Read more: Lee Lin Chin reads mean tweets… she wrote to herself.

The last performer of the night attempted to engage with me again about what had happened during Ray’s act. After I repeated my position on the matter, he proceeded to describe his own experience of rape, and finished by saying that he respected my comments, but that I had embarrassed his friend (Ray) and that he didn’t agree with my behaviour.

As the gig ended, the same performer came to shake my hand and apologise if he had upset me, following which we had a brief exchange. I said I believed there was a difference between a man making a joke about being a rapist, and a joke about someone’s own experience of rape. It is telling that at the conclusion of our conversation, Ray’s right to an uninterrupted set was still deemed more important than refraining from making bad jokes about rape.

Ray Badran feature
Ray Badran (Image via Youtube)

In the days that have followed the event, and despite some lacklustre activity from Twitter trolls, I have been flooded with an overwhelming amount of support. Many women – friends, acquaintances and strangers – have shared their own stories with me from gigs they have attended where unsophisticated rape jokes were the primary material for the male performers. These women have shared moments where they too wished they went “under the table”.

On average in Australia, 1 in 5 women have experienced sexual violence since the age of 15. Is it any wonder, then, that a woman who sits in a crowd at a comedy night doesn’t find a shit rape joke even mildly funny? Comedy does not exist in a vacuum, after all. More to the point, how can such a brand of humour possibly be worth defending more than a genuine awareness of gendered violence?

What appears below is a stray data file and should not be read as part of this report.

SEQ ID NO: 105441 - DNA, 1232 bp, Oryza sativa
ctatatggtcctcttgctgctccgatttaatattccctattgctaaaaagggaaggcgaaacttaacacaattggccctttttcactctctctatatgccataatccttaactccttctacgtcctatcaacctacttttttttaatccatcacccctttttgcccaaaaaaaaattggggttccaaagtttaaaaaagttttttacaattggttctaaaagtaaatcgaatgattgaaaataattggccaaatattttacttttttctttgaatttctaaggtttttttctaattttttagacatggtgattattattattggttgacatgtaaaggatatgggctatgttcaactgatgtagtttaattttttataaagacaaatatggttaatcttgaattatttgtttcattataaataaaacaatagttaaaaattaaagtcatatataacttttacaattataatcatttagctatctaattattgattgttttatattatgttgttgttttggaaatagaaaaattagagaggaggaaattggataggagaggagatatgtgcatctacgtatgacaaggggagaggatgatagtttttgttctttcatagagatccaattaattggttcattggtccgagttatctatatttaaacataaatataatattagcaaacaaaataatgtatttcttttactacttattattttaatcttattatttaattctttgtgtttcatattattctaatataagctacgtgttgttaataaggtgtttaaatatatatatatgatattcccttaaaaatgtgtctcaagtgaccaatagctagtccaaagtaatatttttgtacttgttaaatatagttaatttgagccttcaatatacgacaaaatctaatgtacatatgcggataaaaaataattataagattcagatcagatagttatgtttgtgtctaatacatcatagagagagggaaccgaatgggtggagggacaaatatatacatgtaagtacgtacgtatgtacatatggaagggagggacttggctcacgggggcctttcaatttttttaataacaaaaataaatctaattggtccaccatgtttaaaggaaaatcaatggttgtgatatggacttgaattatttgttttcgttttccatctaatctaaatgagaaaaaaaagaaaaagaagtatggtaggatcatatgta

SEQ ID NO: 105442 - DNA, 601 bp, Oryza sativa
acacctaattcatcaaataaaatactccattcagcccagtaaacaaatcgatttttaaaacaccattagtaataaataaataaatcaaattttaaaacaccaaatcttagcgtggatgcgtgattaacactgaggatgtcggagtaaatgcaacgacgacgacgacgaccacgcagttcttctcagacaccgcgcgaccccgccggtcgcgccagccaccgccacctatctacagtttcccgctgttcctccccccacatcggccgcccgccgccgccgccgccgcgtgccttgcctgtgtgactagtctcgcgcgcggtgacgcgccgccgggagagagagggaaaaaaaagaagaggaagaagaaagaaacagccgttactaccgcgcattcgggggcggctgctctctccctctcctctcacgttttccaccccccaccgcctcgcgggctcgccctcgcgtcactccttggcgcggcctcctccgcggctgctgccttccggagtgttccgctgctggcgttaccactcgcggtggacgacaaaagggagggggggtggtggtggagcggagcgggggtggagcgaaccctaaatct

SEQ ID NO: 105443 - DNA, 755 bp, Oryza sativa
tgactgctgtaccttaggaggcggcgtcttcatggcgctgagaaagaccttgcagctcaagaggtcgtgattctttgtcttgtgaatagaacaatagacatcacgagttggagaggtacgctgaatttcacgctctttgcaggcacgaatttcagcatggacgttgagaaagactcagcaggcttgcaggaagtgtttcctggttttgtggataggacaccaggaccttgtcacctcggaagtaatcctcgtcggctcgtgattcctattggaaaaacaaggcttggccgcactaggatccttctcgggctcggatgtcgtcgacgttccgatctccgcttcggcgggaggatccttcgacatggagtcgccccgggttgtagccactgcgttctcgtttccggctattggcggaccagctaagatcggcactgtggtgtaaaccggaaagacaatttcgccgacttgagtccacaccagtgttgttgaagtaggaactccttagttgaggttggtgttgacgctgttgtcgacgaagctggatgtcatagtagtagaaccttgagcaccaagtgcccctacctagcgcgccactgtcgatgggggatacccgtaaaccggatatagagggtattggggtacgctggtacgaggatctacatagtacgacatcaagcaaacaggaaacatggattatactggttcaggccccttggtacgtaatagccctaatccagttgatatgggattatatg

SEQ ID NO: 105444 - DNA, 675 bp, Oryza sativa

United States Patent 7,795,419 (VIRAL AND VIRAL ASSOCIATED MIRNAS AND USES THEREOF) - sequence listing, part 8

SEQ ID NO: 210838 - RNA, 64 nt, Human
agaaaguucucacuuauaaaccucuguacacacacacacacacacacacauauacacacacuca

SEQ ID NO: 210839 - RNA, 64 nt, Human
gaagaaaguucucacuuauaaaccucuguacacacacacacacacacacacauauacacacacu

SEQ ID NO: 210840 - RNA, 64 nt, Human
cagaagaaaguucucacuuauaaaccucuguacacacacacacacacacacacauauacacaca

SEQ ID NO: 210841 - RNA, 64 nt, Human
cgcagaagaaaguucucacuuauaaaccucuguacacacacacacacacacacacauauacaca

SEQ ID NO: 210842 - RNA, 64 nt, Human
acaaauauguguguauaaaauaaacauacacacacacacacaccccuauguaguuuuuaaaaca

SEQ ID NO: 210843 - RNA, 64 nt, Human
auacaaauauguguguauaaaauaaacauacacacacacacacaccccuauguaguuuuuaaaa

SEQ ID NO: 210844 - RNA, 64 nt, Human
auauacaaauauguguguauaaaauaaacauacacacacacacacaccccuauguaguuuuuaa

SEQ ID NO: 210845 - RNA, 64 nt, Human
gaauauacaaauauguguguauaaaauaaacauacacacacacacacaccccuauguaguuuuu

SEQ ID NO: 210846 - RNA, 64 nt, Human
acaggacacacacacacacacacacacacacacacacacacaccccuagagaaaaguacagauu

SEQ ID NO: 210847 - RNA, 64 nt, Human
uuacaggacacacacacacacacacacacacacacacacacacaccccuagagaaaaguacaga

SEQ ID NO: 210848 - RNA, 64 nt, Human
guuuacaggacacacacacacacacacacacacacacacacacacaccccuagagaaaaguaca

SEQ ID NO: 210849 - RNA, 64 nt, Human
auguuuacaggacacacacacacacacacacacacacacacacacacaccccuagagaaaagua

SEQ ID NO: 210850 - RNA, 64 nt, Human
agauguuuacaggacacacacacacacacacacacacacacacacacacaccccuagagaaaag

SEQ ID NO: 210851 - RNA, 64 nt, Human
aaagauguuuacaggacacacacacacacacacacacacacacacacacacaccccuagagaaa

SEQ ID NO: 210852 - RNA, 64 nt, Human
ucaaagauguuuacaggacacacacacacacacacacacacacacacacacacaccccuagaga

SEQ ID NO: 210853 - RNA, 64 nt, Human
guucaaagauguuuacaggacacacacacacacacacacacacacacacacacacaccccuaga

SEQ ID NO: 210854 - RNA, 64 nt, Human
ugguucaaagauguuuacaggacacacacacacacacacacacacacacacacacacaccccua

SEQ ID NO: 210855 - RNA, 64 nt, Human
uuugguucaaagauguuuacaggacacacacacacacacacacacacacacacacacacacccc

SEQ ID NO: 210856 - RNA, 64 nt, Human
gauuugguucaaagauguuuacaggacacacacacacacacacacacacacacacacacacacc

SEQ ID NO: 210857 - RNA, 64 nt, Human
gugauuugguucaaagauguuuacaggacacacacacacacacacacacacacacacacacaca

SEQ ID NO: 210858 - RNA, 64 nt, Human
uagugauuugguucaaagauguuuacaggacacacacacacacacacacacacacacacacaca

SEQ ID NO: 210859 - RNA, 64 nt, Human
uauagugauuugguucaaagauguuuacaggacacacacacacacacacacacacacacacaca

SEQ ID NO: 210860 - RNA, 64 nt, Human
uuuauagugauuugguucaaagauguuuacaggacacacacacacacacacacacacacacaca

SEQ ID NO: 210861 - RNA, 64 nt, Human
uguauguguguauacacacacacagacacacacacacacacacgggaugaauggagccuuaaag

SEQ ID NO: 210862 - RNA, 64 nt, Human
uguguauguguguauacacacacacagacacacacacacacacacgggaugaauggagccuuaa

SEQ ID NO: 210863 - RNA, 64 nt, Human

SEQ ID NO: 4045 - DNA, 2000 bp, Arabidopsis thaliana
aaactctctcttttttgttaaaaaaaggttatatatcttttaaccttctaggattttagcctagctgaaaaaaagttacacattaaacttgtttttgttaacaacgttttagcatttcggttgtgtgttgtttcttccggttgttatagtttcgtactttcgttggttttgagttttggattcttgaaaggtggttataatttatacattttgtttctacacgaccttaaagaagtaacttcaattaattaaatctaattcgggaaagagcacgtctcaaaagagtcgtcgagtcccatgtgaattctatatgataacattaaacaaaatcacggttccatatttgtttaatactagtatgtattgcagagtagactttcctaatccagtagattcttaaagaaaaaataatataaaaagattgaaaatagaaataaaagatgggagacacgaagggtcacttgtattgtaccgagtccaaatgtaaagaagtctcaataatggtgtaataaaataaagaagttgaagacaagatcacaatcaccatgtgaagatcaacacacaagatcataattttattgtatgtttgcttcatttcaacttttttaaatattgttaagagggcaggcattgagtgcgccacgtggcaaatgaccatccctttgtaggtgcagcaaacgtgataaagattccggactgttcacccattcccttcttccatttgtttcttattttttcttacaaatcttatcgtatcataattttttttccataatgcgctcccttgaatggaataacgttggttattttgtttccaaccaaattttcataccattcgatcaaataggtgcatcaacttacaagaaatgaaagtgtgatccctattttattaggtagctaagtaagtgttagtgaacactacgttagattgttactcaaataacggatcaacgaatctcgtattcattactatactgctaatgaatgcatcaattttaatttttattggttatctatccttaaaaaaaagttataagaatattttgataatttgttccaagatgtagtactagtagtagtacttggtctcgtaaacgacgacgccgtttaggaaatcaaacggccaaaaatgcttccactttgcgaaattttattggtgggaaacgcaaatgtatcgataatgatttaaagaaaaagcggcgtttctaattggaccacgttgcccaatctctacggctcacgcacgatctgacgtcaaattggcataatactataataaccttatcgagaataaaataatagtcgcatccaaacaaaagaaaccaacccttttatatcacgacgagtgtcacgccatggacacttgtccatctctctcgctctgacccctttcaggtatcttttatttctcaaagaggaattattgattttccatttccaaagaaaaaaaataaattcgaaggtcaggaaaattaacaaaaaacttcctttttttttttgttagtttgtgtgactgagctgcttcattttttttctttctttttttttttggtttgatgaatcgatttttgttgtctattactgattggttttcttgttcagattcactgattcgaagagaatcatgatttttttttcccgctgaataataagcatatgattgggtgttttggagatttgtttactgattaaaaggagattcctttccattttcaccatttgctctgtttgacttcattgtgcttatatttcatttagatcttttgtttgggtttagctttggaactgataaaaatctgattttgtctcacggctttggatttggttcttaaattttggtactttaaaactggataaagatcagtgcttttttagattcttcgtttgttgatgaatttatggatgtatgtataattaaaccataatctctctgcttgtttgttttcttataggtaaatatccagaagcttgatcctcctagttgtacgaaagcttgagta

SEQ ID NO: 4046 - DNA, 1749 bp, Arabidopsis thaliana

Read more: This is one of the most powerful anti-domestic violence videos we’ve ever seen.

I am the first to acknowledge that this matter is much bigger than Ray himself. His joke, along with his aggressive behaviour are indeed appalling. Ray’s response to my silent protest, in a public arena where he held the microphone was, quite simply, a textbook exercise of male dominance. It was violence. I, and other women like me, will continue to be vilified for speaking up, because patriarchal culture benefits most when we are painted as humourless harpies, rather than as justified protestors, victims and survivors facing a tireless (and tiresome), day-to-day onslaught of sexism and misogyny. What is also appalling is any festival and comedy culture that assists to prop up this behaviour and normalise it.

If you’re attending the Melbourne International Comedy Festival this year, and you find yourself at a gig where victims of sexual violence are the punch line, don’t just swallow it. Tell someone, start talking, and get under a table if you have to.

Mamamia contacted Ray Badran but he did not respond. He gave a statement to Fairfax media, which included: “I’ve been doing the joke in question for two and a half years…I am a regular at The Sydney Comedy Store and two weeks ago at the Sydney Comedy Store Chris Rock was in the audience and heard the joke and complimented me on the joke afterwards saying it was ‘one of the cleverest jokes he’s heard’.

“One audience member was unhappy about it on this particular night and this has been blown out of proportion and has changed dramatically through misinformed people on social media. Of course in no way do I condone violence against women or sexual assaults of any kind.”

What do you think about this type of comedy?